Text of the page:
SEOUL: in a country notorious for a lack of electricity, many North Koreans are taking power into their hands by installing cheap household solar panels to charge mobile phones and light up their homes.
Apartment blocks in Pyongyang and other cities are increasingly adorned with the panels, hung from balconies and windows, according to recent visitors to the isolated country and photographs obtained by Reuters.
“There must be at least a threefold increase in solar panels compared to last year,” Simon Cockerell, who visits North Korea regularly as general manager of Beijing-based Koryo Tours, told Reuters from Pyongyang. “Some are domestically made, so that may have driven prices down.”
North Korea has long suffered from electricity shortages which plunge large parts of the country into darkness, providing stark contrast in night-time photos taken from space to prosperous and power-thirsty South Korea.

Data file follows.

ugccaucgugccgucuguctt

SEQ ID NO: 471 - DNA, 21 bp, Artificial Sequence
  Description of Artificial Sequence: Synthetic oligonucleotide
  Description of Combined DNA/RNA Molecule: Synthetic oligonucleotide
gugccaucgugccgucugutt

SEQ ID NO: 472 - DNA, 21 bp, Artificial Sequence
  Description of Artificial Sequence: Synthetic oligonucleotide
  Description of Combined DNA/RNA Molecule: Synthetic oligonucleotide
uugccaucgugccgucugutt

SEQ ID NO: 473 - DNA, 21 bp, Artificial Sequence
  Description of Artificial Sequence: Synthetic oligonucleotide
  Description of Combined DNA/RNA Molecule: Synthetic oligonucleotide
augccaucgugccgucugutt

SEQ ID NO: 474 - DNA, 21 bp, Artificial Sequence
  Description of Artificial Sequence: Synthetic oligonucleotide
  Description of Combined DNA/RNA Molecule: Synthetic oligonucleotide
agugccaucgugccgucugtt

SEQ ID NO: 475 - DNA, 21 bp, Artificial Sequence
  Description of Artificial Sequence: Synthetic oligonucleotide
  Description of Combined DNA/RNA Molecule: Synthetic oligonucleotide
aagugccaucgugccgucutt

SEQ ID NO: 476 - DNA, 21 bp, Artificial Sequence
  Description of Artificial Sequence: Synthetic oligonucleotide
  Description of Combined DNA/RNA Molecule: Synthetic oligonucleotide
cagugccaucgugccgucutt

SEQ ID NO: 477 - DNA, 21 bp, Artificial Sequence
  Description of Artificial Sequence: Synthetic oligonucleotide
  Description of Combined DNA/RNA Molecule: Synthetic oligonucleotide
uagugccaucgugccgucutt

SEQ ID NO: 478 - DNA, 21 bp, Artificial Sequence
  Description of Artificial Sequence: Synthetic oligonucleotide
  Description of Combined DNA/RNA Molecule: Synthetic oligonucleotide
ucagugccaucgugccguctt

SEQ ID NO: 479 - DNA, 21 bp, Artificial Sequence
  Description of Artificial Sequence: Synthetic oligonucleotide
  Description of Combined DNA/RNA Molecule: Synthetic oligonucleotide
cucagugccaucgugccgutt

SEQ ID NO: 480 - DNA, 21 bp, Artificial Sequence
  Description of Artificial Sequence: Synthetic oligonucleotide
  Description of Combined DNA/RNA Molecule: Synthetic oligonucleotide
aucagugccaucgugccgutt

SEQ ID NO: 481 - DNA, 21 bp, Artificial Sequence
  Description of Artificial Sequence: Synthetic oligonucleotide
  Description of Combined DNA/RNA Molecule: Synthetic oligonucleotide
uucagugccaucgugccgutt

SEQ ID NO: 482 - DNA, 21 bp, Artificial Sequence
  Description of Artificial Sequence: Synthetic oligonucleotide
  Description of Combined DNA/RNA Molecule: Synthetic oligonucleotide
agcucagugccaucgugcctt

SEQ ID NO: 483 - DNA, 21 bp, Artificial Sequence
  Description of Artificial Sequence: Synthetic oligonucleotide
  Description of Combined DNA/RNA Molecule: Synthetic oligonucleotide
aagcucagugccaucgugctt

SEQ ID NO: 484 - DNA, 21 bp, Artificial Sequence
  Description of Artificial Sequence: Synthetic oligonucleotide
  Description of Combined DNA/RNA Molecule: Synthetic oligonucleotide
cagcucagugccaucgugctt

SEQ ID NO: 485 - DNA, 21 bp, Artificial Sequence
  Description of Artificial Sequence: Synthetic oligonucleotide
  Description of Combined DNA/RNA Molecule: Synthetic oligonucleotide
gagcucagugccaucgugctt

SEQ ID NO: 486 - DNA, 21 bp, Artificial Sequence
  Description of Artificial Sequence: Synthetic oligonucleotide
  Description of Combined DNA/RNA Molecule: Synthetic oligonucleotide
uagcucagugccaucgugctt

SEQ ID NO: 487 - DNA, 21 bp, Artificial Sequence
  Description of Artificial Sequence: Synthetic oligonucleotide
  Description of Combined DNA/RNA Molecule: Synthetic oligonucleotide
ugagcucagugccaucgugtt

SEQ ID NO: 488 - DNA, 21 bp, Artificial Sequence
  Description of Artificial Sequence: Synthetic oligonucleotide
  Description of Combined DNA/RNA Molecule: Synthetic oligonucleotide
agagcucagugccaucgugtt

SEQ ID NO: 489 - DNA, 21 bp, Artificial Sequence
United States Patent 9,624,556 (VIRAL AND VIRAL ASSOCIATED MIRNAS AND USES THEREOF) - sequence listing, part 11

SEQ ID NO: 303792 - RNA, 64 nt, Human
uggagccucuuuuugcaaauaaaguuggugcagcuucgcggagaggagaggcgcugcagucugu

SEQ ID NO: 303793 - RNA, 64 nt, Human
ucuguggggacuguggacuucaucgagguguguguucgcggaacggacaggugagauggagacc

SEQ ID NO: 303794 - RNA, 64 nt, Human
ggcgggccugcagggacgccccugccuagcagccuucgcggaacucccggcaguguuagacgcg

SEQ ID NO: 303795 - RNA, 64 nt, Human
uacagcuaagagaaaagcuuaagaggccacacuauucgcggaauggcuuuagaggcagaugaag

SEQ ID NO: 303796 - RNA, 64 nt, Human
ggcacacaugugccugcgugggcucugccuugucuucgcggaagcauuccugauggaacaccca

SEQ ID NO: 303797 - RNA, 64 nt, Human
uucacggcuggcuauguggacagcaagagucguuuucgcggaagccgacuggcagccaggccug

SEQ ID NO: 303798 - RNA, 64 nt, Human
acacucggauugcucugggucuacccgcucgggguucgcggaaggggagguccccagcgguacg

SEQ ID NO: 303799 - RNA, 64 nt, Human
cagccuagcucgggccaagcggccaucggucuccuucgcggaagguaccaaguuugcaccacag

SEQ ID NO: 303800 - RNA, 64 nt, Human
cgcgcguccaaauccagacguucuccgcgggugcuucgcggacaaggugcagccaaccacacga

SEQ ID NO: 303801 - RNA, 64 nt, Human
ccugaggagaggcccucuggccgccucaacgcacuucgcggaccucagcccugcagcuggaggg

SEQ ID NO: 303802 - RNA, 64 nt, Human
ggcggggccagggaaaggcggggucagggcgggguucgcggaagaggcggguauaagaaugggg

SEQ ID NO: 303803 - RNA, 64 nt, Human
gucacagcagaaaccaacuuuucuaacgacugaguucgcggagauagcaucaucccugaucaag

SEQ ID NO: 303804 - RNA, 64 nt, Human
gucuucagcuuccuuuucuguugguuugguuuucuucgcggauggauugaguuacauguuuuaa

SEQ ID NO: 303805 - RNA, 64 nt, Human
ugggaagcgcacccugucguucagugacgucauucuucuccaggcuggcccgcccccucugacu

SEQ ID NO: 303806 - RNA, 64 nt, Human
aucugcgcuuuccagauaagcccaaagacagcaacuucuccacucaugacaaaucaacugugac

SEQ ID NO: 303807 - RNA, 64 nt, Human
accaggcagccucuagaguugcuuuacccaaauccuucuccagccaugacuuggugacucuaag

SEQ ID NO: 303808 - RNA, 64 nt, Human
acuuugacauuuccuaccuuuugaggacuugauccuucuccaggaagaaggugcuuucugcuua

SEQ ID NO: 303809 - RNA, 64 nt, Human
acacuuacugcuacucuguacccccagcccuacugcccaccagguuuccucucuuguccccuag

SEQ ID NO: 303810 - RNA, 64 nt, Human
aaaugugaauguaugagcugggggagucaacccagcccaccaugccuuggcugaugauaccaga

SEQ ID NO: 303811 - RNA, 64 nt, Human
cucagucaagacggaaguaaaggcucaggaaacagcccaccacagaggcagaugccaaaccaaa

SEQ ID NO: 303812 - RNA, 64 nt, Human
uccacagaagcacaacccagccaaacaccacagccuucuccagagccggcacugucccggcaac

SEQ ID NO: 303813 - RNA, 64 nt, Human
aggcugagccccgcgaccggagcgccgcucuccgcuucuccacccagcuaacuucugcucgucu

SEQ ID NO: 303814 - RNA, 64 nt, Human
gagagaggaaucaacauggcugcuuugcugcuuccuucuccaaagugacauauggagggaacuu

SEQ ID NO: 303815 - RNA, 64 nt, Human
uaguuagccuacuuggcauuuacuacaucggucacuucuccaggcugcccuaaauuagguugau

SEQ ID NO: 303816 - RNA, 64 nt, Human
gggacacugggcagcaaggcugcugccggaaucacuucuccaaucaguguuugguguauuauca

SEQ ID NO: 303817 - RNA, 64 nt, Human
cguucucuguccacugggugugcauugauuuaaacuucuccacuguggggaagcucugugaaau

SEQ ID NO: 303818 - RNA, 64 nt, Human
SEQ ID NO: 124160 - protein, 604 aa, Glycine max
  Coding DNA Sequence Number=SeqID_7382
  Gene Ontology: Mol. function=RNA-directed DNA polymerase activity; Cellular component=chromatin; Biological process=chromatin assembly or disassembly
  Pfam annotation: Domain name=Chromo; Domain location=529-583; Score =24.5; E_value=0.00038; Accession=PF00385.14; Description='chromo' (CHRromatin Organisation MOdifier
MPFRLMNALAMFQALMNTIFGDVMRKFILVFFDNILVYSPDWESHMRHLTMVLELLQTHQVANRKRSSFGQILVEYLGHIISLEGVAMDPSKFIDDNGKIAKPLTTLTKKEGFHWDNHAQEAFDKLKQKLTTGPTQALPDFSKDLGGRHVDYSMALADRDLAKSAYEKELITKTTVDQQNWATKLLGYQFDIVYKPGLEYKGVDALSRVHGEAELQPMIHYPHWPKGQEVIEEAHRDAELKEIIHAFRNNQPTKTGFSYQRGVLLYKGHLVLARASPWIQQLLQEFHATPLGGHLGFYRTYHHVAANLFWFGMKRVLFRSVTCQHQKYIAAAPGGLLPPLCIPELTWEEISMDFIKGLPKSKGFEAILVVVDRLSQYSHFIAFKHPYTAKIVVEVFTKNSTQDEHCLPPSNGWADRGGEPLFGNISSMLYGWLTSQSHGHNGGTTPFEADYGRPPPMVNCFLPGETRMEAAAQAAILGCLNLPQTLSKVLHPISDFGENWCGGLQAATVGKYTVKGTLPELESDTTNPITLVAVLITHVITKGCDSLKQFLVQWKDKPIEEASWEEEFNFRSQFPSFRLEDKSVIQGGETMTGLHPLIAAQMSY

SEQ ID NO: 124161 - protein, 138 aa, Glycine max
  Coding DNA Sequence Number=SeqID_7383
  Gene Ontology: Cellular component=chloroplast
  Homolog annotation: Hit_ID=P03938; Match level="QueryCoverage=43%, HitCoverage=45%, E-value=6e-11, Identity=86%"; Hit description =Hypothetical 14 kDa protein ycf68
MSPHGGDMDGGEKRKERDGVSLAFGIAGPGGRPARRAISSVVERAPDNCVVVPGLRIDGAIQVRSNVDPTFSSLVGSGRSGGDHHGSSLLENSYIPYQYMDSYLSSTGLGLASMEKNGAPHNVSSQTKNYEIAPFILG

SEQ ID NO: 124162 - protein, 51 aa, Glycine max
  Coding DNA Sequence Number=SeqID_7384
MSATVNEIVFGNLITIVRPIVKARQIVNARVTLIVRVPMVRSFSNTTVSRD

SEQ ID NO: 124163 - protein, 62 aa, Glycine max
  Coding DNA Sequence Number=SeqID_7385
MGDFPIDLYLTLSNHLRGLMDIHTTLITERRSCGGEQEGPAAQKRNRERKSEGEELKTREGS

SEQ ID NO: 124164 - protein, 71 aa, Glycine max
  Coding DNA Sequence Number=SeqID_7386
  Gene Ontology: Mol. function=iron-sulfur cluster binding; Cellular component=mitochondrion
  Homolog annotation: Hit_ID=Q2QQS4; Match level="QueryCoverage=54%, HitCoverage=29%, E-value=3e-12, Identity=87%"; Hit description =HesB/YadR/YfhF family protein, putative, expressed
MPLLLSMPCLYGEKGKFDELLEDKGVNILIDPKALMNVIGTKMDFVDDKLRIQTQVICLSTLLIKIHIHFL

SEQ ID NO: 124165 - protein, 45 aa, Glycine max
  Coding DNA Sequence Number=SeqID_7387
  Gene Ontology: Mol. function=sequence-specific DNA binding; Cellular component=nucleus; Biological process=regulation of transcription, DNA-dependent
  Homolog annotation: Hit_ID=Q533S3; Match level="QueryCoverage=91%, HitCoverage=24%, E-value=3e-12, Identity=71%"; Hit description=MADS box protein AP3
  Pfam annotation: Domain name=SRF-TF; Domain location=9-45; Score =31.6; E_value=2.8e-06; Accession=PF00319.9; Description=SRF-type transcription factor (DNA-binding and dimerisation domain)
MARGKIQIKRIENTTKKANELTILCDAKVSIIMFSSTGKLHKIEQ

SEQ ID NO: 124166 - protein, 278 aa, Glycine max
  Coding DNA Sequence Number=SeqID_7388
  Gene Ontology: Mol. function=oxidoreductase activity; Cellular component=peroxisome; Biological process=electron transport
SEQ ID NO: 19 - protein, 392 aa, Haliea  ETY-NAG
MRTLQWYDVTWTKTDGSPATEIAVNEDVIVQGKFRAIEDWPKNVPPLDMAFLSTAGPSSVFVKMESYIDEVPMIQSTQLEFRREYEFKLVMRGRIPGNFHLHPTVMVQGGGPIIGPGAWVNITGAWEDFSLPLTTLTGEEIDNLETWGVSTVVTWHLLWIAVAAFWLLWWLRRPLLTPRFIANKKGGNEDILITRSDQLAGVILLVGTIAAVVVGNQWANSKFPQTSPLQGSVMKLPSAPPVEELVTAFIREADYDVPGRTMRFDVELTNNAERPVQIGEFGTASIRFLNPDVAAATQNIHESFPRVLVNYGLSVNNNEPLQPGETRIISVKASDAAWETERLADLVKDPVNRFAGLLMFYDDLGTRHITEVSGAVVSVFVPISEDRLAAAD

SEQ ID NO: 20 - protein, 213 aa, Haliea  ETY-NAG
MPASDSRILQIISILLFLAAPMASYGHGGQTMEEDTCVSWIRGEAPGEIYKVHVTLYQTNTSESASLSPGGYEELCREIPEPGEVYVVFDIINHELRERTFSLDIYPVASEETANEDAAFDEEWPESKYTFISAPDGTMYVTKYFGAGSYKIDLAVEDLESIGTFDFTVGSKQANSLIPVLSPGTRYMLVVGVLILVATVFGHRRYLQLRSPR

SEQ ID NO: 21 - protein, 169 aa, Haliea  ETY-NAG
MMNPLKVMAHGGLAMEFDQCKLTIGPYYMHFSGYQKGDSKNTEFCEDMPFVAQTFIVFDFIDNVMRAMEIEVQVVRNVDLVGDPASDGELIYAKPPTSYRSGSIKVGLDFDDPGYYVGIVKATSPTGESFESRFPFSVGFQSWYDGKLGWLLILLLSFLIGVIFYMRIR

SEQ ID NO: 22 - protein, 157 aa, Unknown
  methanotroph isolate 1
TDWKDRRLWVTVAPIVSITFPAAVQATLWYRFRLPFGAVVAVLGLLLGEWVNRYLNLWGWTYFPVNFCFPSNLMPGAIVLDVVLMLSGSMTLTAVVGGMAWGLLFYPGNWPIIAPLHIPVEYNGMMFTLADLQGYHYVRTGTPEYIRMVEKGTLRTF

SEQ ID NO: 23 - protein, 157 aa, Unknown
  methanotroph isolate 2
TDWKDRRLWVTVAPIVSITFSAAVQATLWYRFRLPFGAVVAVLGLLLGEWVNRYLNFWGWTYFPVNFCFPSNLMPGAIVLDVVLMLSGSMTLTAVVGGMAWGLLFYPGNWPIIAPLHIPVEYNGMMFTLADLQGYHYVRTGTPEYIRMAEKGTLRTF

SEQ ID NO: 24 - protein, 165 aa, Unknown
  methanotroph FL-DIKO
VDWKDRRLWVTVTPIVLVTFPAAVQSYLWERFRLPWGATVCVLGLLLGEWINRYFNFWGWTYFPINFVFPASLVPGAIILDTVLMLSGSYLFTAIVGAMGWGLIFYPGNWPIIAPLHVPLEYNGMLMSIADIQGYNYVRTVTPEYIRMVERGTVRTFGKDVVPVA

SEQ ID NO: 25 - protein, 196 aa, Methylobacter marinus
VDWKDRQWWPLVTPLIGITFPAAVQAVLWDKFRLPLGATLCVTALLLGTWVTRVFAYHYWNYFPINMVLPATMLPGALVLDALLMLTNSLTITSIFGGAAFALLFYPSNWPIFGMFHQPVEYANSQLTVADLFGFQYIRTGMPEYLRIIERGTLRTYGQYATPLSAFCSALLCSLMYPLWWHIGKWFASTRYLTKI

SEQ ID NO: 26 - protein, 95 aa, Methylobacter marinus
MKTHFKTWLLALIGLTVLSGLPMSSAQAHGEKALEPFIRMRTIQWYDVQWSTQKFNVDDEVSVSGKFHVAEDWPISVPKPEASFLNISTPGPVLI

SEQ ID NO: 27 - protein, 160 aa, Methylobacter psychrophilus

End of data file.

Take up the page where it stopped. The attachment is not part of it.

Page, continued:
The soaring sales of cheap and easily-installed solar panels reflect rising demand for electricity in North Korea as incomes rise and people buy electronic goods like mobile phones and the “notel” media player that need regular charging.
North Korea, one of the poorest countries in the world, is home to 2.5 million mobile phone users, about 10 percent of the population.
Once reserved for Workers’ Party cadres, solar panels and voltage stabilizers are now sold openly both in markets and the hardware section of Pyongyang department stores, where small 20watt panels cost just under 350,000 won – $44 at the widely-used black market exchange rate where a dollar is about 8,000 won, instead of the official 96 won.